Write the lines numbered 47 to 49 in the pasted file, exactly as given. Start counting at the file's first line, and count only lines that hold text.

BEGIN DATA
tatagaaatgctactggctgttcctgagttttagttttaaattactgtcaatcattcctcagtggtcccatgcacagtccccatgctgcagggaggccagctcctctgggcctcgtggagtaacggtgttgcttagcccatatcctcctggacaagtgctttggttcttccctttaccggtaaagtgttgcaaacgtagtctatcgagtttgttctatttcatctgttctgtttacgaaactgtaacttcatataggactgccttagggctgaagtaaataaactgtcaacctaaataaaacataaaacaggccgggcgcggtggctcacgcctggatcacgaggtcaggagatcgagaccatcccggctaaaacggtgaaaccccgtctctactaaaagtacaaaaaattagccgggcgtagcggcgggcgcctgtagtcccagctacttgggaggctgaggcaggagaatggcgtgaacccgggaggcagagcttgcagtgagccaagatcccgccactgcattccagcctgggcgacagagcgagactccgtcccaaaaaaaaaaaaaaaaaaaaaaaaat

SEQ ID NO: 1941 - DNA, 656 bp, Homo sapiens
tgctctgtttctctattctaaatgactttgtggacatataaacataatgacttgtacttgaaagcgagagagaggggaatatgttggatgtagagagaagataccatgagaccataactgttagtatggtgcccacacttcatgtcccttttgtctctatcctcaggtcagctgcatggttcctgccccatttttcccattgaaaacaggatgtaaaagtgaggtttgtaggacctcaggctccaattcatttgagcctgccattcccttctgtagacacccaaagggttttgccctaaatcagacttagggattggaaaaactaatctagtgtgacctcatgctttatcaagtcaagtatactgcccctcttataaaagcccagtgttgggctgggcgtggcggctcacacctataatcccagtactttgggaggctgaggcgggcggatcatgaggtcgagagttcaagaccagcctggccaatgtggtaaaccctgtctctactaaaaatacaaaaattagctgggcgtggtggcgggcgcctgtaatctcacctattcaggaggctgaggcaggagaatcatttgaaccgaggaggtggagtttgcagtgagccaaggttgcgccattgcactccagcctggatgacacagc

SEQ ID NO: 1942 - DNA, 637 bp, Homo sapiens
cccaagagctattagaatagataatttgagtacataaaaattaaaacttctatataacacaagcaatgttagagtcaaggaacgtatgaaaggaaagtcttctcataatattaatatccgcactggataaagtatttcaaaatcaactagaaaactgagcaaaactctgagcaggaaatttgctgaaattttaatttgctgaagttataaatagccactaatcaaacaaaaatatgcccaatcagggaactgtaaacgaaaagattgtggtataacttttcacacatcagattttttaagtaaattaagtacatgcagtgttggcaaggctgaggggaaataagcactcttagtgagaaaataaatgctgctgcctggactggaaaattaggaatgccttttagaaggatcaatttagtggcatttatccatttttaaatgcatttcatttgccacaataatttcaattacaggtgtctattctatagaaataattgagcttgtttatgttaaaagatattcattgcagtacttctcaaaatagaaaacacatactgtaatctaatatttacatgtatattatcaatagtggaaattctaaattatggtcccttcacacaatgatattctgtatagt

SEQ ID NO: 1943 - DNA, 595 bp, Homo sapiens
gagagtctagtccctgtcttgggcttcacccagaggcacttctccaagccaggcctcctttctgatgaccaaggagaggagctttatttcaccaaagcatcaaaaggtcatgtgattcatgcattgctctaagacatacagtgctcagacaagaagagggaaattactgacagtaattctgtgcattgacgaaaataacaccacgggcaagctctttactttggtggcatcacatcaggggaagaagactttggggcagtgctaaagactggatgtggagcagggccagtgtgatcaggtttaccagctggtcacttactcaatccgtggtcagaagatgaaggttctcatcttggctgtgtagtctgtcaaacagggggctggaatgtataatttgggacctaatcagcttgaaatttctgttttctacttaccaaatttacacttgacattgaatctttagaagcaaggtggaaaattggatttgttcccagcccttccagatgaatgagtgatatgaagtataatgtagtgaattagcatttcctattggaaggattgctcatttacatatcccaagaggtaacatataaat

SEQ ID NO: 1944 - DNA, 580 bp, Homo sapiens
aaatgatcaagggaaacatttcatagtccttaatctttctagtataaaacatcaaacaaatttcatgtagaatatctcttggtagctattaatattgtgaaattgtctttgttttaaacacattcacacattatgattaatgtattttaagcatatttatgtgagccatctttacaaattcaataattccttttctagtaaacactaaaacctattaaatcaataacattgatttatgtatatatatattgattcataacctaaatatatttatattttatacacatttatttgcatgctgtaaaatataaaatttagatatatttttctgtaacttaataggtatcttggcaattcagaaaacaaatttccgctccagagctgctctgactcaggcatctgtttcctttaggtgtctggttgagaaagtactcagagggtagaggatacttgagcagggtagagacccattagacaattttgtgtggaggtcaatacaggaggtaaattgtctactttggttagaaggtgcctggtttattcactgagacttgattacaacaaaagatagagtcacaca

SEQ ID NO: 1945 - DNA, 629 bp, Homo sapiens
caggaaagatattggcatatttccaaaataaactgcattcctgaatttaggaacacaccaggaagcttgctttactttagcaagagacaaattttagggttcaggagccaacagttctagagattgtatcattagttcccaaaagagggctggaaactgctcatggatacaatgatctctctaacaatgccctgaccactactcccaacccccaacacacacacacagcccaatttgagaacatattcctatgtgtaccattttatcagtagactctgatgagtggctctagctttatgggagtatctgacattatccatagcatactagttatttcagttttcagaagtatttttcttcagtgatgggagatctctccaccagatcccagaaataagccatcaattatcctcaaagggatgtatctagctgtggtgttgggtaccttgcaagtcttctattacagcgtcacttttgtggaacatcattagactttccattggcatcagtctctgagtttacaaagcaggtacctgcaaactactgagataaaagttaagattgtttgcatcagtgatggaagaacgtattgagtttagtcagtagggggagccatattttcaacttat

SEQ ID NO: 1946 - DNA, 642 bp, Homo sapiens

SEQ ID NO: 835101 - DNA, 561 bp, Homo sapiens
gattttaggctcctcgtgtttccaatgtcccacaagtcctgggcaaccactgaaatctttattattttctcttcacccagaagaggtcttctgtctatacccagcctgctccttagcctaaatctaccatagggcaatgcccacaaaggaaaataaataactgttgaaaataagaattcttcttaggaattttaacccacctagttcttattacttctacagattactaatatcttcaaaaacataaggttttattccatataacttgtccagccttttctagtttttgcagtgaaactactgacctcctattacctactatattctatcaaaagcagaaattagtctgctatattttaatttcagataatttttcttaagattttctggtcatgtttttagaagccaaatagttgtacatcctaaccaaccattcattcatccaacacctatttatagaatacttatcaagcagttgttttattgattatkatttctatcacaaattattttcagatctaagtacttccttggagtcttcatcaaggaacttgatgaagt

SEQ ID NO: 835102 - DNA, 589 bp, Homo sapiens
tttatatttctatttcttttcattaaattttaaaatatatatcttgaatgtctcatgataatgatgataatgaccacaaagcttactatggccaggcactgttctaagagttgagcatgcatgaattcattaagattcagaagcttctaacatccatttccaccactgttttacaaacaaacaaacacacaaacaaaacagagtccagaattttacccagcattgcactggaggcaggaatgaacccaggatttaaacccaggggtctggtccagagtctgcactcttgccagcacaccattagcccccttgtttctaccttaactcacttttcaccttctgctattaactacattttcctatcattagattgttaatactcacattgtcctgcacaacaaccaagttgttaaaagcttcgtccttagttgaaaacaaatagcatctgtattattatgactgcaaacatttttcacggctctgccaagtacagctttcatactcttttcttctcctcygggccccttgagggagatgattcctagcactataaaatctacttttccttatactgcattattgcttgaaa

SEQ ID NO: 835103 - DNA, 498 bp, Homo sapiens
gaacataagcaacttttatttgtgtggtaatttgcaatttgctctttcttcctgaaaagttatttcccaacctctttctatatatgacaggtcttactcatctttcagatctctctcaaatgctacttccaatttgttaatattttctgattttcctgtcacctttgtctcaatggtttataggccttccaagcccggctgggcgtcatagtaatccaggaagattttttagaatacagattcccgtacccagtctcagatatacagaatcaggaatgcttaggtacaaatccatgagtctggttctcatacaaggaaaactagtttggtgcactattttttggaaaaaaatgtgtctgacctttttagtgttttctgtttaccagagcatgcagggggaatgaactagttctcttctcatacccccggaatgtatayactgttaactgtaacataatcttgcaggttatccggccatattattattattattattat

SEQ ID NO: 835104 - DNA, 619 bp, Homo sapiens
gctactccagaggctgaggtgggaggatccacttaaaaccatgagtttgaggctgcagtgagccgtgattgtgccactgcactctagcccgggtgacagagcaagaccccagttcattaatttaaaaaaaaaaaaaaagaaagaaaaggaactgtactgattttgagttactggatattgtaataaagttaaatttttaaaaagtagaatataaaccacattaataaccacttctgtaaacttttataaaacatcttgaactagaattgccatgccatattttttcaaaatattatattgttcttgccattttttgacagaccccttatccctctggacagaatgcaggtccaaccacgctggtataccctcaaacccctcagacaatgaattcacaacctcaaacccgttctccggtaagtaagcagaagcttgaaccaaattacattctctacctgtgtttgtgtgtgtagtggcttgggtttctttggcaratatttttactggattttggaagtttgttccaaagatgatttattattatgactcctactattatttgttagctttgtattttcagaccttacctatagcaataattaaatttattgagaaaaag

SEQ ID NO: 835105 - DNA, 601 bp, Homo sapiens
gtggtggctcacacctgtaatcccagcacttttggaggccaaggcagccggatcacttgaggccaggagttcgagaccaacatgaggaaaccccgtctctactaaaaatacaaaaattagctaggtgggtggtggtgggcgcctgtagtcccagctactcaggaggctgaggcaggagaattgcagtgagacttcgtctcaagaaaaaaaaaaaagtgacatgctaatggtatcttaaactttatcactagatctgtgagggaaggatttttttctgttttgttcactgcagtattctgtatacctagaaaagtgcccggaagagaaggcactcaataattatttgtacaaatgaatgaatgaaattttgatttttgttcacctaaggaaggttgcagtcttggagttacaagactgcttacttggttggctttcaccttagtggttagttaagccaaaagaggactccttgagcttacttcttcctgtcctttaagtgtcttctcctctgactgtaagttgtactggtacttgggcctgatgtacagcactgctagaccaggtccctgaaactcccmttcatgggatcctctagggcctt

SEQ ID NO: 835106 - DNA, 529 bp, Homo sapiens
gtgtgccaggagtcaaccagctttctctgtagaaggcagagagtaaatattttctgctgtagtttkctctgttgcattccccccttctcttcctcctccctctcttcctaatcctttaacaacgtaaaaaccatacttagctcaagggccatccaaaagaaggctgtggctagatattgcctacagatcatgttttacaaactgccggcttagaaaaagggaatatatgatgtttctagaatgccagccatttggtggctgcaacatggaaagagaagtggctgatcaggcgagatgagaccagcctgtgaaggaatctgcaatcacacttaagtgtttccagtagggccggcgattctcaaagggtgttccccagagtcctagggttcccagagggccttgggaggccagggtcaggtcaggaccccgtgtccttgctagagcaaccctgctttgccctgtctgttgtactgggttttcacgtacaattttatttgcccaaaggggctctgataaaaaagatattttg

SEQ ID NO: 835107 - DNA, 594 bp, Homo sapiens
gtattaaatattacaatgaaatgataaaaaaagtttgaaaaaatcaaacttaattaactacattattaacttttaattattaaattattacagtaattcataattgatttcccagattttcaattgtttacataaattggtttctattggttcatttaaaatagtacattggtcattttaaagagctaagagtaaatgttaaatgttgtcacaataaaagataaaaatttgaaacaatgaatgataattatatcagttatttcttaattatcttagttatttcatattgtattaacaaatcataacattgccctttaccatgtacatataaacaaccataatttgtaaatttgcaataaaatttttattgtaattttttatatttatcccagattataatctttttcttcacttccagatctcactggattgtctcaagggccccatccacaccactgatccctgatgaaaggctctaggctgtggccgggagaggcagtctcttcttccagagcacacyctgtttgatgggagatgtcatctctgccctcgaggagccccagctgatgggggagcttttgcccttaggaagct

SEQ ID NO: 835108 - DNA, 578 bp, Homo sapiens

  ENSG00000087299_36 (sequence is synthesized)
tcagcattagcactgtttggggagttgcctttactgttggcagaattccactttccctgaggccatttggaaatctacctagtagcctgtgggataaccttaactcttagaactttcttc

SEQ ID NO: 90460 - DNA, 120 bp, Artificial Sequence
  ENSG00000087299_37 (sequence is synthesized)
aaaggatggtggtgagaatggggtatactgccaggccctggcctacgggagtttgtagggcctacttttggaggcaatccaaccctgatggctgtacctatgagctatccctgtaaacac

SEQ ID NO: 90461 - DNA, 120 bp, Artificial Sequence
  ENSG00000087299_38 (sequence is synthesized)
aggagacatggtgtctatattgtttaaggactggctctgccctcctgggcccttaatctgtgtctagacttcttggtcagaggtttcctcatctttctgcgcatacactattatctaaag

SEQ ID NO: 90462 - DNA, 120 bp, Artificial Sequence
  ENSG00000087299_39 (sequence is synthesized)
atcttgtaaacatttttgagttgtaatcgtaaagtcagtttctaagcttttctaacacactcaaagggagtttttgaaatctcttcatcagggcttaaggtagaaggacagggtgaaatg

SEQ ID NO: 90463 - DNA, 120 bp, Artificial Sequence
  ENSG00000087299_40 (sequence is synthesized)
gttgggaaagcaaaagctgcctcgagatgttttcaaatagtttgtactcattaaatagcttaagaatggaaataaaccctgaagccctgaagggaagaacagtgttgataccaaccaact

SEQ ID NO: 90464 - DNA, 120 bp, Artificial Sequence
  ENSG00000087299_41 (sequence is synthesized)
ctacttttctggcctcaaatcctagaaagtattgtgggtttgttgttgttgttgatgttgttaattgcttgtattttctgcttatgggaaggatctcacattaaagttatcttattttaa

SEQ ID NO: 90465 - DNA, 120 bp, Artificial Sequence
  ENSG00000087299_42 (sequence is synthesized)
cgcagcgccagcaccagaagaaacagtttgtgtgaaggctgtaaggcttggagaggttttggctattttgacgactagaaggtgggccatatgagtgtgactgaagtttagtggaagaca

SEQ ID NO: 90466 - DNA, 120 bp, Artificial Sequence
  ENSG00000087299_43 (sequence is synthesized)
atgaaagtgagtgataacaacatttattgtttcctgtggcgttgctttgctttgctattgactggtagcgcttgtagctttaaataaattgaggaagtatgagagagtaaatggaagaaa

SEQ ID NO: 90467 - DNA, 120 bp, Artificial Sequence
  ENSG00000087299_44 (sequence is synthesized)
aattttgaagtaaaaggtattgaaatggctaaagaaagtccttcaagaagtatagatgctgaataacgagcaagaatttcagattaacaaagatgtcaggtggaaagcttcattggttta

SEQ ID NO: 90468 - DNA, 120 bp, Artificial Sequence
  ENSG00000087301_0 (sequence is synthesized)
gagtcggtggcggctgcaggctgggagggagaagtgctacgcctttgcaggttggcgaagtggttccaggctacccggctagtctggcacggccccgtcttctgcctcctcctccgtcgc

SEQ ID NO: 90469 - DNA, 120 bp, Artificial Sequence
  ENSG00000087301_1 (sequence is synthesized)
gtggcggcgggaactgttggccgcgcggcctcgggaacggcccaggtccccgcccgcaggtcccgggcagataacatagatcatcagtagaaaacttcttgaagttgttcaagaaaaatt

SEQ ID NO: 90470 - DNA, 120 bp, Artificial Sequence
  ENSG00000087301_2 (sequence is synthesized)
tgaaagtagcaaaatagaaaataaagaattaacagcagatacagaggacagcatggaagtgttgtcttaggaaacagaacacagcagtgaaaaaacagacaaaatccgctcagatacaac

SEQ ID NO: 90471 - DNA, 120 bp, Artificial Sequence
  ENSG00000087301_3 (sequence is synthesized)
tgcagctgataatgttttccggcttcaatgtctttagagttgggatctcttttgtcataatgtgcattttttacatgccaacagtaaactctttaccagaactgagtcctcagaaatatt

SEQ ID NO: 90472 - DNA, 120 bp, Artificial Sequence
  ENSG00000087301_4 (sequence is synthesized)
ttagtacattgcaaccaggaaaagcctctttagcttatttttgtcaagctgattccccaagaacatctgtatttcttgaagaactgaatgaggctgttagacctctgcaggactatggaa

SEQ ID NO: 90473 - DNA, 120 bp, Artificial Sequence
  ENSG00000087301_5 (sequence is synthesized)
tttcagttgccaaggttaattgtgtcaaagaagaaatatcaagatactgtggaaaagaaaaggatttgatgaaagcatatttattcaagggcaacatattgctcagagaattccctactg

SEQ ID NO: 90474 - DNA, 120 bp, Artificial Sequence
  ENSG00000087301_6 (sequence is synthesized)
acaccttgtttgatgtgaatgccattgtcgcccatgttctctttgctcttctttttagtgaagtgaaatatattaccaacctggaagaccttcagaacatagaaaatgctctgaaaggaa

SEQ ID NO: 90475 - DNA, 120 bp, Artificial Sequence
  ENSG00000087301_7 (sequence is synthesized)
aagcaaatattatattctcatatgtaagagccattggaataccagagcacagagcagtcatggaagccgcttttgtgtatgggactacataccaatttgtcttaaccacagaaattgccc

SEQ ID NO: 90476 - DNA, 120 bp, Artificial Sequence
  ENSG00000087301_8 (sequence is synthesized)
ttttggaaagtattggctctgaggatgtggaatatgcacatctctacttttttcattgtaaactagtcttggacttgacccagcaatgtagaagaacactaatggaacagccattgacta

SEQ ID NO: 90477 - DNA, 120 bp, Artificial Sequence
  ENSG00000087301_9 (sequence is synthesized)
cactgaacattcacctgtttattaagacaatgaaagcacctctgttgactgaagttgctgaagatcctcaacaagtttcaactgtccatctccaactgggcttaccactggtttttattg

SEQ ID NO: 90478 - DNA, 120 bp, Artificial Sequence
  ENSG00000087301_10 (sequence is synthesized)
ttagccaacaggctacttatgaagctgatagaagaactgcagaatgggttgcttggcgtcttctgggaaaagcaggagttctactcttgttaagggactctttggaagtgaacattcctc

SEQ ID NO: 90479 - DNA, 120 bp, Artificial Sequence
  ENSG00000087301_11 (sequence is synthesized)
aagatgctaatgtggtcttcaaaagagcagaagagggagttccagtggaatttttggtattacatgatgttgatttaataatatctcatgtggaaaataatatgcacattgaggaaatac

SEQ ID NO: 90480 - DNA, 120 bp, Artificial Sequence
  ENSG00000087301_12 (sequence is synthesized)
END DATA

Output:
cgcagcgccagcaccagaagaaacagtttgtgtgaaggctgtaaggcttggagaggttttggctattttgacgactagaaggtgggccatatgagtgtgactgaagtttagtggaagaca

SEQ ID NO: 90466 - DNA, 120 bp, Artificial Sequence
  ENSG00000087299_43 (sequence is synthesized)